'Alice' Ballet Charms All Ages, Onstage And Off | Texas Public Radio

'Alice' Ballet Charms All Ages, Onstage And Off

May 2, 2016


“A lot of people see ballet as being highbrow,” says Judith Gani, the executive director of Alamo Arts Ballet Theatre. “Of course nothing could be farther from the truth,” Gani says with a smile. “It’s very exciting. It’s lots of fun… I mean, ‘Alice’ is full of things that I’m laughing at, and then I get tears in my eyes at the end! It’s very emotional.”

Alamo Arts Ballet Theatre is celebrating its 10th anniversary this year, and its fourth year producing “Alice! A Ballet Wonderland.” The two-act ballet is based on Lewis Carroll’s classic books Alice’s Adventures in Wonderland and Through the Looking-Glass, and also draws in part on Disney’s 2010 film starring Johnny Depp as an orange-haired futterwacking Mad Hatter. Danny Elfman’s score for that film, along with music by Tchaikovsky, provides the soundtrack for Gani’s version which she designed and choreographed with the company’s artistic director, Julie Morton-Simpson. “I made a list of all the parts [of the books] that I thought could be depicted through dance on stage. Pretty soon I had the whole ballet!” Gani says.

Gani was surprised how well the music fit with their choreography at times. “There are things in the music that sound like the Mad Hatter putting cubes of sugar into the tea,” she says with a laugh. “It’s been a lot of fun to find movement, gesture, and expression to show what’s happening at the tea party and set it to music.”

One important reason behind Gani and Morton-Simpson’s production is the opportunity for students at the affiliated Ballet Arts School to perform on stage with company members and professional dancers hired specially for these performances.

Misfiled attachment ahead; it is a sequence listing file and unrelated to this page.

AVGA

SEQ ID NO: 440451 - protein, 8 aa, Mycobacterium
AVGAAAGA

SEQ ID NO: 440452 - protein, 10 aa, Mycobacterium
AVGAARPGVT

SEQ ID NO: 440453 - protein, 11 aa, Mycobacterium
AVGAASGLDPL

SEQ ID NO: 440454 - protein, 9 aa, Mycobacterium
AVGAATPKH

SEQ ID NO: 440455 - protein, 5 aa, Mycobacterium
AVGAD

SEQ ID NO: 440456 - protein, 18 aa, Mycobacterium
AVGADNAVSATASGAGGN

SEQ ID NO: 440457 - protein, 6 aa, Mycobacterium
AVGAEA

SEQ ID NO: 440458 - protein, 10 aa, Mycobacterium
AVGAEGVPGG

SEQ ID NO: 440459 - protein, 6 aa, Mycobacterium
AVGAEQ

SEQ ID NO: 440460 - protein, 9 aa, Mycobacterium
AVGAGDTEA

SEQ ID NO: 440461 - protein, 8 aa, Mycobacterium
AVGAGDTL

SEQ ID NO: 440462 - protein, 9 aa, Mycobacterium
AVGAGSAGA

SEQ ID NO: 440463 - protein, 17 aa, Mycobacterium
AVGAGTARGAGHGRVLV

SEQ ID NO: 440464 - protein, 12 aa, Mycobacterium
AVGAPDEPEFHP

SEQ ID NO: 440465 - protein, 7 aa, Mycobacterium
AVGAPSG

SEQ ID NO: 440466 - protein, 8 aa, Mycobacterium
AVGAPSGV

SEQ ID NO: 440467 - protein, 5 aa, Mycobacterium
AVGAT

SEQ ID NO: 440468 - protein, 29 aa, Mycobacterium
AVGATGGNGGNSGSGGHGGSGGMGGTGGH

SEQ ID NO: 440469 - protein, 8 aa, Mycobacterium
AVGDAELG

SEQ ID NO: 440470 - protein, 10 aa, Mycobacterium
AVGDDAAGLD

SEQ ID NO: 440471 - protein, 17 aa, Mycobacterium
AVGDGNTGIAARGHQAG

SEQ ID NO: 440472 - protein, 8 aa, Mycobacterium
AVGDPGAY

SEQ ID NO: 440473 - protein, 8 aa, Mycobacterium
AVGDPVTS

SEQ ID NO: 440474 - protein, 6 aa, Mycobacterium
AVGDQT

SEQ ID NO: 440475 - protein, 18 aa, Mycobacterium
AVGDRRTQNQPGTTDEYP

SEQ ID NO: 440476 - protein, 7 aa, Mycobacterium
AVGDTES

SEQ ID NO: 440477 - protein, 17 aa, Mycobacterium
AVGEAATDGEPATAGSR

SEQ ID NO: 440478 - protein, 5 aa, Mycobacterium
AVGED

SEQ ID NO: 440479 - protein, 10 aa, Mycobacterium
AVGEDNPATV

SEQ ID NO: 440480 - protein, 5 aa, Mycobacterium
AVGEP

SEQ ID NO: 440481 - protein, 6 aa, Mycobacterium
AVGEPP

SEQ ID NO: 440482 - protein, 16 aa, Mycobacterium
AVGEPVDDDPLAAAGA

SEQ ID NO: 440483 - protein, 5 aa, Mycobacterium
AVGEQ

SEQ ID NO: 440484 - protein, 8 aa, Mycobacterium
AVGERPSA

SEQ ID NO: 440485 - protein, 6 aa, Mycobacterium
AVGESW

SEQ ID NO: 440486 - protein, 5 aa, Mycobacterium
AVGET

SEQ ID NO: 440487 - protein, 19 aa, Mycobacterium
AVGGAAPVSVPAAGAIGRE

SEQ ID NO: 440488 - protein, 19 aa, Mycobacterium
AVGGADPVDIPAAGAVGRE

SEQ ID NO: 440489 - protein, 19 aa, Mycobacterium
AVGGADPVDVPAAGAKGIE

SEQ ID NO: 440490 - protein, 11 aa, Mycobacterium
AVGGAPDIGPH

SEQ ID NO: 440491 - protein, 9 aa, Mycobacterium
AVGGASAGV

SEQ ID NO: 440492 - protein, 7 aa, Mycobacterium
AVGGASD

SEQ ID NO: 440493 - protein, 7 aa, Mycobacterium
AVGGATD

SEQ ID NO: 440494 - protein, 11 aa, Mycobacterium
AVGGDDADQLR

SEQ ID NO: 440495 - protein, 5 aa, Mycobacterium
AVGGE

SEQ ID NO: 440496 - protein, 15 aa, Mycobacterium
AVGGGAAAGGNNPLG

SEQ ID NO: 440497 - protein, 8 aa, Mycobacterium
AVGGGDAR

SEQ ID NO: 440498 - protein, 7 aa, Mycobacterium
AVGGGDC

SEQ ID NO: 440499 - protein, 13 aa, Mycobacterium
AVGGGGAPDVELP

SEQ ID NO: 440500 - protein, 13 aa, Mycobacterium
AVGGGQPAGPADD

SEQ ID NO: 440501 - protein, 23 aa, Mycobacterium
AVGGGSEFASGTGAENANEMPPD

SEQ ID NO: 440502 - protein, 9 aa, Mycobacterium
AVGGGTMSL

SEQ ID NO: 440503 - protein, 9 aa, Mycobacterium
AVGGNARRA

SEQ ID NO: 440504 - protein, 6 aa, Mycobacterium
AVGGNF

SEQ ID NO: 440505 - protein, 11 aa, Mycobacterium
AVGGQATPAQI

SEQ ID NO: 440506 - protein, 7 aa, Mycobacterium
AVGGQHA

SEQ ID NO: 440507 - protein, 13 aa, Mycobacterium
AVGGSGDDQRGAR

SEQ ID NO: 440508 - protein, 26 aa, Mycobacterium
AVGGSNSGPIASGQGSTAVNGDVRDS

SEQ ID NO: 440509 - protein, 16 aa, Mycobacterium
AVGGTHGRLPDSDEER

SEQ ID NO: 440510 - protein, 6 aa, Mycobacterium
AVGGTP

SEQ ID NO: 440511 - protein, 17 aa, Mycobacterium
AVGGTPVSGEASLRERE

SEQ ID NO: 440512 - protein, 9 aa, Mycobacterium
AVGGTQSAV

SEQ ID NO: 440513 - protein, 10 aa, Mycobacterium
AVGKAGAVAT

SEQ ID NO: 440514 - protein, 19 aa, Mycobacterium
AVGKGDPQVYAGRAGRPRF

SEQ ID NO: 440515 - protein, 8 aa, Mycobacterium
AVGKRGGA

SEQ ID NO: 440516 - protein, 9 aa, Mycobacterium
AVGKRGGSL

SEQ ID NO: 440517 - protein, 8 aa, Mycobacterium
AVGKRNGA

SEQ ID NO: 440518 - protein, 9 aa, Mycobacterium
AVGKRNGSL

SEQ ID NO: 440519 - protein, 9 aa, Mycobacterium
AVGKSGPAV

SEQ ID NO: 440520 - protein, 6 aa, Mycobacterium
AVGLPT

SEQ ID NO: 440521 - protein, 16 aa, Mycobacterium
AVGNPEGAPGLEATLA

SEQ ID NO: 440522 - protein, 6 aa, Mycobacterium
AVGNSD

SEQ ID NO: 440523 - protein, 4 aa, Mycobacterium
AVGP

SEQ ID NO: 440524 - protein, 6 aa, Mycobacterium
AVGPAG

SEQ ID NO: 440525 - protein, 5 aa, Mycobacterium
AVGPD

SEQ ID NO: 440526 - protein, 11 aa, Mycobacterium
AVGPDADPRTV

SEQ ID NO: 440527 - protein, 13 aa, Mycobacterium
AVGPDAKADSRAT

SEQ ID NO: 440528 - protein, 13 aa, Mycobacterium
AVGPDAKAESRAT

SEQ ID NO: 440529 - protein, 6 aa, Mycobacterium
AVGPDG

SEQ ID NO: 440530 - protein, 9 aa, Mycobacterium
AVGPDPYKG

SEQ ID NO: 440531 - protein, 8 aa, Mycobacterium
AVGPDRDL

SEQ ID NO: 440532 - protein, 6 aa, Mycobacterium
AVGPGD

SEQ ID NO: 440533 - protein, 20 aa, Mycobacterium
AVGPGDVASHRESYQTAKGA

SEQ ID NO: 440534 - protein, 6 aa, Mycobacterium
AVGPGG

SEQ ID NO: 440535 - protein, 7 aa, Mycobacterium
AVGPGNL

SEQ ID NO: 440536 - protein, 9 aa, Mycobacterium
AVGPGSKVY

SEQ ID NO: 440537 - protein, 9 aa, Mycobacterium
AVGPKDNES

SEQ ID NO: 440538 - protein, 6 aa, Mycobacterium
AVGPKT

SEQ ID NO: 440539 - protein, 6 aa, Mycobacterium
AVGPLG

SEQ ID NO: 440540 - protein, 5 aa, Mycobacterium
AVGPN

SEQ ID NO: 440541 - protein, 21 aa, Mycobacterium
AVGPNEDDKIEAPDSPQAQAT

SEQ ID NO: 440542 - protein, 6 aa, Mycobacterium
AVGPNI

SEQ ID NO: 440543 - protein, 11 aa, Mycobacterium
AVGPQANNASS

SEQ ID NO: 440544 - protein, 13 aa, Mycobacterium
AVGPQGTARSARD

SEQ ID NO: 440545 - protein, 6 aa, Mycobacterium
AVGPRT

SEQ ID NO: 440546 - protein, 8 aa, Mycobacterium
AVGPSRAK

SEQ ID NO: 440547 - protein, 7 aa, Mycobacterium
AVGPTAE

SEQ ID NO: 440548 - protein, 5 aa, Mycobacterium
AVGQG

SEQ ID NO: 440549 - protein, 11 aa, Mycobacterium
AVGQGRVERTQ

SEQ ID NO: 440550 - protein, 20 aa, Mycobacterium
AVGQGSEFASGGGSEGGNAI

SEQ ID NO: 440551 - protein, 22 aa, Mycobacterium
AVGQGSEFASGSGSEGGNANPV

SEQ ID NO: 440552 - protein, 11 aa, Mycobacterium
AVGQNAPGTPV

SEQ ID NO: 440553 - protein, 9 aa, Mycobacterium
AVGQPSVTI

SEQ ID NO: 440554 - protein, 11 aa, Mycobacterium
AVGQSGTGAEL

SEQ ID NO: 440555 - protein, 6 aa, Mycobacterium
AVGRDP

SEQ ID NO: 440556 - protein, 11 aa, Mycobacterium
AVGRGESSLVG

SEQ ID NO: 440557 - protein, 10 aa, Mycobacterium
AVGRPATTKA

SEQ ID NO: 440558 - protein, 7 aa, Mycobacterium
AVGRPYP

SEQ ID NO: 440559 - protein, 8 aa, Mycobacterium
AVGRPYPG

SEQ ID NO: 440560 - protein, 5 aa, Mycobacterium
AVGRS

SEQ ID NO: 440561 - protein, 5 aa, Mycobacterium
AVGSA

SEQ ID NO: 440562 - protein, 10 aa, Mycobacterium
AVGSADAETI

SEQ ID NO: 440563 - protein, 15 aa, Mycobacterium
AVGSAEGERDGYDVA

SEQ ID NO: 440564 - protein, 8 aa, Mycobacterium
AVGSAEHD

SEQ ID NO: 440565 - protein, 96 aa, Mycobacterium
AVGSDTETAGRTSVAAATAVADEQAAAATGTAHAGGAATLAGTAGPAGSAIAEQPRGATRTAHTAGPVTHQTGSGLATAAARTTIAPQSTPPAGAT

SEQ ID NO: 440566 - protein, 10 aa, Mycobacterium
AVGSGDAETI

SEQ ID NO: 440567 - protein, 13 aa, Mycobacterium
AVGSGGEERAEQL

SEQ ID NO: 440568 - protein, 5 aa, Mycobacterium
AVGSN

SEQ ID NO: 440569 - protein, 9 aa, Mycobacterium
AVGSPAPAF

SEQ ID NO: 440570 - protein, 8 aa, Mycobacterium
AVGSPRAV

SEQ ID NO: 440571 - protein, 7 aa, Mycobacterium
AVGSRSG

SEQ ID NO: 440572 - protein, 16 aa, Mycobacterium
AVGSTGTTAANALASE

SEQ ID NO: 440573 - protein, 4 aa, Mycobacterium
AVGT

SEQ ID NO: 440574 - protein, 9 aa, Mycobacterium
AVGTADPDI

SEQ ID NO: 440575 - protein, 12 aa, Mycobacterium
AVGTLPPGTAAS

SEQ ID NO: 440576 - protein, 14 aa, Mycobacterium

“There are children at Ballet Arts School and other studios who want to do more than an annual recital,” Gani explains. “They want to come every Sunday and practice for hours, leading up to a production where they’re on stage with professional dancers, having to do a very professional job.”

Students as young as seven take part in “Alice,” and start rehearsing as early as January for the May performances. At such a young age, it takes just a little extra time to learn and memorize all those counts and steps, but the payoff is worth it. Gani explains by remembering her own experience as a young girl, saying, “I loved being on stage. The whole thing of being in a costume, and learning a dance, and performing it, and feeling the presence of the audience. It’s like nothing else. And I see the kids responding to that as well.”

Alice! A Ballet Wonderland will take place at the Carver Community Cultural Center on May 7 at 7:30 p.m. and again on May 8 at 3:00 p.m. Tickets are available through Ticketmaster or at the Carver box office. 

[Disclosure: My daughter will be performing the part of a lobster in the production. She’s the tall one with glasses that looks like her daddy.]

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